James Arthur Foltz was born in Memphis, Tennessee, son of Jacob and Mary Rathell Foltz  on March 24, 1878.  His father served as Captain with the Federal Army.  After hostilities ended James married Mary Rathell the daughter of a Colonel in the defeated Rebels.

On the 24th of March in 1878, James Arthur was born.  When he was three years old the family moved from Memphis to Fort Smith, Arkansas where he attended public school.  In his teen years he served as Sargent during the Spanish American campaign.  Released from active duty he entered Tulane University Medical School.  An excellent student, Dr. Foltz graduated about 1894 or 1895 (valedictorian of his class as well as its president).  His post-graduate work was at Harvard University, then  at New York Medical College for courses in Surgery.

Dr. Foltz returned to Arkansas.  At 24 years of age he married Janie Price on Nov. 5, 1902.  The couple had four sons and one daughter, James Arthur Jr., Dr. Thomas P. (who practiced with his father), and twins, Emily Jane and Edwin J.  In 1918 he registered for the draft but was not called to serve.

Dr. Foltz was active in his profession: was a Charter Member of the American College of Surgeons; was president of the County Medical Society and delegate to the National Medical Society numerous times; in 1931 he was Arkansas Representative to the Conference on Medical Economics; he organized the Western Hospital Association.

In 1921 before the days of antibiotics, he was cut while in surgery.  Infection ensued.  With great effort he overcame it and returned to surgery again.

Dr. Foltz was highly successful, respected and well liked as a surgeon.  He was Chief of Staff at Sparks Hospital for many years; chief of Surgery at Sparks; served on the board to reorganize the hospital for African Americans; he lectured on anatomy at Sparks Hospital School of Nursing and at St. Edwards School of Nursing.  He gave himself fully to any task at hand.

Dr. Foltz’ interest were versatile and numerous.  He was a member and past president of the Lions Club, a Director of the Chamber of Commerce, member of the Board of Health and was a school board member.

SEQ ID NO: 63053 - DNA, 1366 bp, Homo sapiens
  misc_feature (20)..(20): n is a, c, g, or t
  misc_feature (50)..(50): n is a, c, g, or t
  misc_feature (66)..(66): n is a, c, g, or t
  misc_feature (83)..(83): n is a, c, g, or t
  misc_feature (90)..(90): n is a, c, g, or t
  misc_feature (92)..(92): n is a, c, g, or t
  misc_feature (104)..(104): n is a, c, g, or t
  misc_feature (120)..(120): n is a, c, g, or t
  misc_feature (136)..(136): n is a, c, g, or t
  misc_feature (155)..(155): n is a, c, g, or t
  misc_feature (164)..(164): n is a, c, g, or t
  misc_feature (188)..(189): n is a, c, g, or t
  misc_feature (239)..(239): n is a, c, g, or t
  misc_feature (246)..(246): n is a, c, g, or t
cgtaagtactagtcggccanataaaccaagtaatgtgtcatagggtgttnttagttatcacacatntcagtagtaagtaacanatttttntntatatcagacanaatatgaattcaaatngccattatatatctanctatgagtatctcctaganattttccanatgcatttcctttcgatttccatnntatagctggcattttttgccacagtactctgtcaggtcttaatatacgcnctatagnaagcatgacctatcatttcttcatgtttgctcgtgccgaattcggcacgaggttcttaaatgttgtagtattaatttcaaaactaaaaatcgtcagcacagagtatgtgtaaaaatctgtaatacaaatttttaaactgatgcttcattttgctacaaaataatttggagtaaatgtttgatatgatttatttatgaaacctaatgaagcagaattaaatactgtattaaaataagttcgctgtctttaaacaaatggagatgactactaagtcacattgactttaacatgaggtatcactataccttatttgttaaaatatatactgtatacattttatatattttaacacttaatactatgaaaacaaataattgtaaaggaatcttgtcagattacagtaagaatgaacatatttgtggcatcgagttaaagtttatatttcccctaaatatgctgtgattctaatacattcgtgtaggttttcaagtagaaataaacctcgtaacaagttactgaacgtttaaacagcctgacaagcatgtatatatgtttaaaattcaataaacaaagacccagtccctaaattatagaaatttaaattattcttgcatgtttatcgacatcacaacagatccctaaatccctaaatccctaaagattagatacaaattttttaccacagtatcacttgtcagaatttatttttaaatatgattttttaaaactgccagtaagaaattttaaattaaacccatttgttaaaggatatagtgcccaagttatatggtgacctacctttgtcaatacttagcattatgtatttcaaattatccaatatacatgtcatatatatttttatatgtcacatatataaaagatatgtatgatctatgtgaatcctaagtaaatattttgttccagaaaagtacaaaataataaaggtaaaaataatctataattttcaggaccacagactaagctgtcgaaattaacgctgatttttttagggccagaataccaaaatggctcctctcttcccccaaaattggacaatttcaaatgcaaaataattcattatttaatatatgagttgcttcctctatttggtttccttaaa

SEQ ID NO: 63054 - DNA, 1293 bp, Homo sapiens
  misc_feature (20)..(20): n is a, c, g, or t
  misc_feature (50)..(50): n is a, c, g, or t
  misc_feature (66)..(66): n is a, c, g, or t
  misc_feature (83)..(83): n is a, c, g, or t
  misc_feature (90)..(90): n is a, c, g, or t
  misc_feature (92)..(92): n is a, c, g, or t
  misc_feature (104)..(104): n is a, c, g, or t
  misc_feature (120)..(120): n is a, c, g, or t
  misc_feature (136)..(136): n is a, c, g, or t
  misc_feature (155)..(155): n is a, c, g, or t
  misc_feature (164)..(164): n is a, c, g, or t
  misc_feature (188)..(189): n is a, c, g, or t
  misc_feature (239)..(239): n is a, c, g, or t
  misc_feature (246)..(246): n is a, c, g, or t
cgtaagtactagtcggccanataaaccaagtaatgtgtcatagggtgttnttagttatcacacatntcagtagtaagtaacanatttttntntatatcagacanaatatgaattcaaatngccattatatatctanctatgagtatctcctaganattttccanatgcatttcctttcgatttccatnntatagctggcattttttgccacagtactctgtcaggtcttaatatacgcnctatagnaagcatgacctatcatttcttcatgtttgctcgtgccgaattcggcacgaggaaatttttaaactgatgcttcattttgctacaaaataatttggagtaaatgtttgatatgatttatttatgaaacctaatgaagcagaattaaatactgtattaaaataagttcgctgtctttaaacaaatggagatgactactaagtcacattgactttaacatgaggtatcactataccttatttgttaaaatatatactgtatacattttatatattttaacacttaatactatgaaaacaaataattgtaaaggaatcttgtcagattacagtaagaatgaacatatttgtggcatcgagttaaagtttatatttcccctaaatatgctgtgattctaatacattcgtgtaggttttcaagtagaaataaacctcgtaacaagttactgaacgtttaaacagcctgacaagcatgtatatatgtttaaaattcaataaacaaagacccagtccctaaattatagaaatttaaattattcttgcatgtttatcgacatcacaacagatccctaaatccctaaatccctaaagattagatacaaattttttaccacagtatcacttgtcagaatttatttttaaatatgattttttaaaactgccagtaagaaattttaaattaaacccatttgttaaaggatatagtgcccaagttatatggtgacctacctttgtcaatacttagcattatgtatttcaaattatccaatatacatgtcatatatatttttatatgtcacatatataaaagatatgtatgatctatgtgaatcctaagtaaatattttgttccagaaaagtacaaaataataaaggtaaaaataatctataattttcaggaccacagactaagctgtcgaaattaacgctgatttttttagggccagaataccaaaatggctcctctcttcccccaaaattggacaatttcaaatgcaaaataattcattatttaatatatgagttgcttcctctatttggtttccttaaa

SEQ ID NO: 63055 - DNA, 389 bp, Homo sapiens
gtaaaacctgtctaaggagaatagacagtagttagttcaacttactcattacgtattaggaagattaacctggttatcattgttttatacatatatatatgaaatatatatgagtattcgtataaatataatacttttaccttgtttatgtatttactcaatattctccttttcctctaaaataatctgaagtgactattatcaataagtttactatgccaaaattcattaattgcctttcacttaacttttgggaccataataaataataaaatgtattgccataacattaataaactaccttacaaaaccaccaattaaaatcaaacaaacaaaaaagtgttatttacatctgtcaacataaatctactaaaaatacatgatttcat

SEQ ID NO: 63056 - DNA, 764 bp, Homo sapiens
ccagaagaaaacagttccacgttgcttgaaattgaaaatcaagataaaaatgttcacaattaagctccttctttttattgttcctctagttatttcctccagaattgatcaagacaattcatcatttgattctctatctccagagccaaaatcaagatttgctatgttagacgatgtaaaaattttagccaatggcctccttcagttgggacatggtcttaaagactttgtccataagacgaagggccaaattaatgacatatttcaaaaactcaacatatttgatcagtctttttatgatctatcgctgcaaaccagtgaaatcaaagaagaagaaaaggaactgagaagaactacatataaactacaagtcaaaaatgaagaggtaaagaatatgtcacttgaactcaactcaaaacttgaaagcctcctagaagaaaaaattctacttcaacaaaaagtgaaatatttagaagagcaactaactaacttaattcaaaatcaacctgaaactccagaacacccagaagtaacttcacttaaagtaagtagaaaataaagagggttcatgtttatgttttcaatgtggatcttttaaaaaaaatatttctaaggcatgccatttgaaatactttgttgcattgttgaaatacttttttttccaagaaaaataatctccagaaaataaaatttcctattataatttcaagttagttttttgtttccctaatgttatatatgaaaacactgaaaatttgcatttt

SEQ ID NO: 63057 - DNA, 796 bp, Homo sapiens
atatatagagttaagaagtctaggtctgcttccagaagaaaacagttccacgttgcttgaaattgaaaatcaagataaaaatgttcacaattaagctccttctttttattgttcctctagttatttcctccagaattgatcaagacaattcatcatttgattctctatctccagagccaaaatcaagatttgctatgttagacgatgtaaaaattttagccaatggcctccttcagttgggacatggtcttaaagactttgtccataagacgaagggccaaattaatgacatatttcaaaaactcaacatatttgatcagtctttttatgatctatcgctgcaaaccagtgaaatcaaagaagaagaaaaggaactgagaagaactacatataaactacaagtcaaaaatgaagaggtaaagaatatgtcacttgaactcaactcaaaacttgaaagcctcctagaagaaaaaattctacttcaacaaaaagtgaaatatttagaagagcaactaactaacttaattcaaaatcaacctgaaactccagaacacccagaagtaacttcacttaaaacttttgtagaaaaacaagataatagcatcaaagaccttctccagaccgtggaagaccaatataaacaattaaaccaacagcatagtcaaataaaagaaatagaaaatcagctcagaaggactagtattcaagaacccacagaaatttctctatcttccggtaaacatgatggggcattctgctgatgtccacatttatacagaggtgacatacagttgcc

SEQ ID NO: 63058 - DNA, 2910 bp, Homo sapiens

During the tuberculosis peak in Arkansas in the late 1800s – 1930, probably one of the greatest civic contributions Dr. Foltz made was a Mason.  He chaired a committee that conducted a Masonic state-wide drive to build a $94,000 children’s home at the Arkansas Tuberculosis Sanatorium in Booneville.  They “accomplished the task in 3 years and turned over the building free of debt to the State”.*

Dr. Foltz kept a scrapbook of philosophic saying, poetry, mottoes and inspirational quoted.  He lived by them, caring for his patients based on his Love of all men.

His apparent philosophy of life was expressed in a quote from his scrapbook, “The mintage of Wisdom is to know that rest is rust, and that Real Life lies in Love, Laughter, and Work”**  These virtues encompassed his life.  “He was a radiant personality, combining rare ability in his profession with deep love of beauty and personal charm” (from eulogy by C.F. Burns).

Dr. Foltz died of heart disease in his home in Fort Smith on May 22, 1937 at 59 years of age.  His internment was at Forest Park Cemetery in Fort Smith.  He had served Sebastian County as a concerned physician for 35 years.  He left a legacy of loving service to the people.

*Physicians and Medicine Crawford and Sebastian Counties, Arkansas 1817 – 1976.  Published by Sebastian County Medical Society


Betty L. Battenfield,  July 2019